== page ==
On the 4th of October, 1841, a bill was filed on the equity side of the county court of the sixth judicial district of Maryland state court, by Philip E. Thomas and John White, trustees of Dennis A. Smith, against the following persons interested in the share of Dennis A. Smith, namely: Dennis A. Smith, James W. McCulloh, administrators; Job Smith, the President and Directors of the Mechanics' Bank of Baltimore, John Glenn, David M. Perine, William Gwyn, and James W. McCulloh, trustees; Mrs. Smith, William Brown, James Brown, John Patterson, Walter Smith, executor; Clement Smith, George Brown, Herman Perry, Virgil Maxcy, Samuel Nevins, _____ Nevins, Joshua Lippencott, John S. Smith, Richard Harding, and A. H. Lawrence, and the President, Directors, and Company of the Bank of the United States. The bill set forth the deed, the amount awarded to D. A. Smith, and the whole amount awarded to Glenn and Perine, the existence of charges and claims affecting in common their share of the fund and the residue in the hands of Glenn and Perine; and after suggesting, in general terms, that they were advised there were other interests represented by Glenn and Perine, connected with the claims of Dennis A. Smith, of the particulars whereof they were not informed, but which Glenn and Perine could state, and which were proper subjects for distribution by the court, they pray for a proper distribution of the certificate, &c., growing out of the awards aforesaid, for allowance of commissions for notice to the persons interested as aforesaid to present their claims before the auditor, and for general relief.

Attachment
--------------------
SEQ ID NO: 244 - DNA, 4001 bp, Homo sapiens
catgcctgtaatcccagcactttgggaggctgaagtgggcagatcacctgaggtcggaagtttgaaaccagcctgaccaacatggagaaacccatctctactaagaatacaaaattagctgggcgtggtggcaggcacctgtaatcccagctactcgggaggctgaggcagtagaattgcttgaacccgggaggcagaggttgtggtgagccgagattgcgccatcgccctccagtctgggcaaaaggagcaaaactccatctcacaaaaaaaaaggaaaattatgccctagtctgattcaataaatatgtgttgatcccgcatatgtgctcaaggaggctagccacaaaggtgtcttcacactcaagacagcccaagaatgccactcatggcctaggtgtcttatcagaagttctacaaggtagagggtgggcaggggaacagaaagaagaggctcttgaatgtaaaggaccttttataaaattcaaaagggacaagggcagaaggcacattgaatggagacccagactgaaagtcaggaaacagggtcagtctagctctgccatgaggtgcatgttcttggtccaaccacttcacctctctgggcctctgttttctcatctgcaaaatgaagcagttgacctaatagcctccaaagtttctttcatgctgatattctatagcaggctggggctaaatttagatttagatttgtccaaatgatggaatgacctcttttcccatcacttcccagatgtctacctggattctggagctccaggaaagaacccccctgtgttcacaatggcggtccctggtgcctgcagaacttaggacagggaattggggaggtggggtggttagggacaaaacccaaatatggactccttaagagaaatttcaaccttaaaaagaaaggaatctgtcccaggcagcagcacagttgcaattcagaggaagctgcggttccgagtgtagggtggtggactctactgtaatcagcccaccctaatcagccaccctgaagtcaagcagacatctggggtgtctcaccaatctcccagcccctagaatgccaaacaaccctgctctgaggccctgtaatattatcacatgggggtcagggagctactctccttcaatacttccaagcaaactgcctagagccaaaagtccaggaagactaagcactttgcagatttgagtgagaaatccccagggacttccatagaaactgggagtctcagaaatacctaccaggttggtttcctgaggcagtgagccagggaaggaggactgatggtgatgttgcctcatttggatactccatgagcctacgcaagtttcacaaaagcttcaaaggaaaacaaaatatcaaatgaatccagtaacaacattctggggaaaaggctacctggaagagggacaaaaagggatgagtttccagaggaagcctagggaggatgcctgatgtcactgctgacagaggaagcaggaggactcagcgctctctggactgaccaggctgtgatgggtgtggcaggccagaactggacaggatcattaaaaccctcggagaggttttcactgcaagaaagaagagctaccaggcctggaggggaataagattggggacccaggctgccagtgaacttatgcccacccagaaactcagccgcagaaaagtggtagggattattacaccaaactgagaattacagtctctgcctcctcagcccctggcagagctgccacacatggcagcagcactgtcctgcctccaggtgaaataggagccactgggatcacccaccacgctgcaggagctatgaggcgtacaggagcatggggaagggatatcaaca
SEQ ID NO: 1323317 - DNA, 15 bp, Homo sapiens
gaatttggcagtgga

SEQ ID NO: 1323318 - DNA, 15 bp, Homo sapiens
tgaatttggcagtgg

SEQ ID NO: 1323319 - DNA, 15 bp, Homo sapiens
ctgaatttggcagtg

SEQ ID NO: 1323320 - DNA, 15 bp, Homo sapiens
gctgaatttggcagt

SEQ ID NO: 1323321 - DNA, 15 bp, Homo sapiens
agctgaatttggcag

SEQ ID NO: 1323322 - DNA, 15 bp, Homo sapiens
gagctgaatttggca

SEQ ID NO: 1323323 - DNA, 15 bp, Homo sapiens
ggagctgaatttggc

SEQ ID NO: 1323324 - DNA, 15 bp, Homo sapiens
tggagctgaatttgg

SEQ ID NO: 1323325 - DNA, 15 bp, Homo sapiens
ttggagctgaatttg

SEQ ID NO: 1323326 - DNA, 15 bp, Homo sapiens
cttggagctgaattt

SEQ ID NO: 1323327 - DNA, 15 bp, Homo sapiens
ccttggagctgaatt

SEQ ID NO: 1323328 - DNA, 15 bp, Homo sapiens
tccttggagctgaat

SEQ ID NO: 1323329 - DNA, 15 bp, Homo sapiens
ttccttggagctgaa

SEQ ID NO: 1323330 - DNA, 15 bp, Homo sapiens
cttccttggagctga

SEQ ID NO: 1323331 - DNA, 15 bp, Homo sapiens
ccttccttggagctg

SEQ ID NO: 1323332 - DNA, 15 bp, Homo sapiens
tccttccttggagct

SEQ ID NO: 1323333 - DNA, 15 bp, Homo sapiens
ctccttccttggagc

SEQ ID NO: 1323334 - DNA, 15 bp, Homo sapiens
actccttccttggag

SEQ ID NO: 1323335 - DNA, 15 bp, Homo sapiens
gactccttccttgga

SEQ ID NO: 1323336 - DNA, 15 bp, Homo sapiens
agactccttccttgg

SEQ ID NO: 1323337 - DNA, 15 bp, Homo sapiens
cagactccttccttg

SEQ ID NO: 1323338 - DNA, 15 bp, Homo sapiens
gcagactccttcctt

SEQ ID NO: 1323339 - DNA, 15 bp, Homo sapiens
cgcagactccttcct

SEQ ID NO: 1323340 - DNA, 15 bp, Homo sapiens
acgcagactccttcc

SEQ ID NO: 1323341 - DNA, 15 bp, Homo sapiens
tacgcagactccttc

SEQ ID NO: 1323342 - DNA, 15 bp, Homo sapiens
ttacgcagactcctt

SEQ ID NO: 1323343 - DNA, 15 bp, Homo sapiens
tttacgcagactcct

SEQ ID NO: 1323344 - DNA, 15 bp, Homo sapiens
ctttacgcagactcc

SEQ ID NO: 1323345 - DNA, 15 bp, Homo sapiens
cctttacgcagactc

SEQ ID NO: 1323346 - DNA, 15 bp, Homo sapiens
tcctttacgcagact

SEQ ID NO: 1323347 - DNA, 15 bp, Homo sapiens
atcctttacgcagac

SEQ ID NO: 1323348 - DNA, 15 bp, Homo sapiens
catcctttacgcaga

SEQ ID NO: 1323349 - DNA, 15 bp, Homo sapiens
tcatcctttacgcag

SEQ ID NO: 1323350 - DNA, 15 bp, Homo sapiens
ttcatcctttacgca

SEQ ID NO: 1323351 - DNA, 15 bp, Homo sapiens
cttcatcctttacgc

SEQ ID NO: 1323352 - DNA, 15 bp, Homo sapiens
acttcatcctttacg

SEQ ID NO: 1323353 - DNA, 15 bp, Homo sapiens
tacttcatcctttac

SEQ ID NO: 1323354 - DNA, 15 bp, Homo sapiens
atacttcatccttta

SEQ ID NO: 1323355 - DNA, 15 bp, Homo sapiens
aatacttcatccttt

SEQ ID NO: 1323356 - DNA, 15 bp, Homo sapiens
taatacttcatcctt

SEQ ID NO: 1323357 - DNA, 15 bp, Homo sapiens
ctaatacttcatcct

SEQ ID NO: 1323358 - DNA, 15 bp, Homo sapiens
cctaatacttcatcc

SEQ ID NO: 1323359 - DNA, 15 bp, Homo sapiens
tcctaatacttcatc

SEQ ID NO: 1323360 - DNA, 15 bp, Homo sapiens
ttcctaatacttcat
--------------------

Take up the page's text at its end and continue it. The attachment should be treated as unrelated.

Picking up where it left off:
Glenn and Perine filed their answers, admitting the facts set forth in the bill; expressing their willingness to have the proceeds of the awards therein mentioned distributed under the direction of the court to the persons entitled thereto, including the award in favor of those respondents under the agreement in the bill; and joined in the prayer for a reference to the auditor.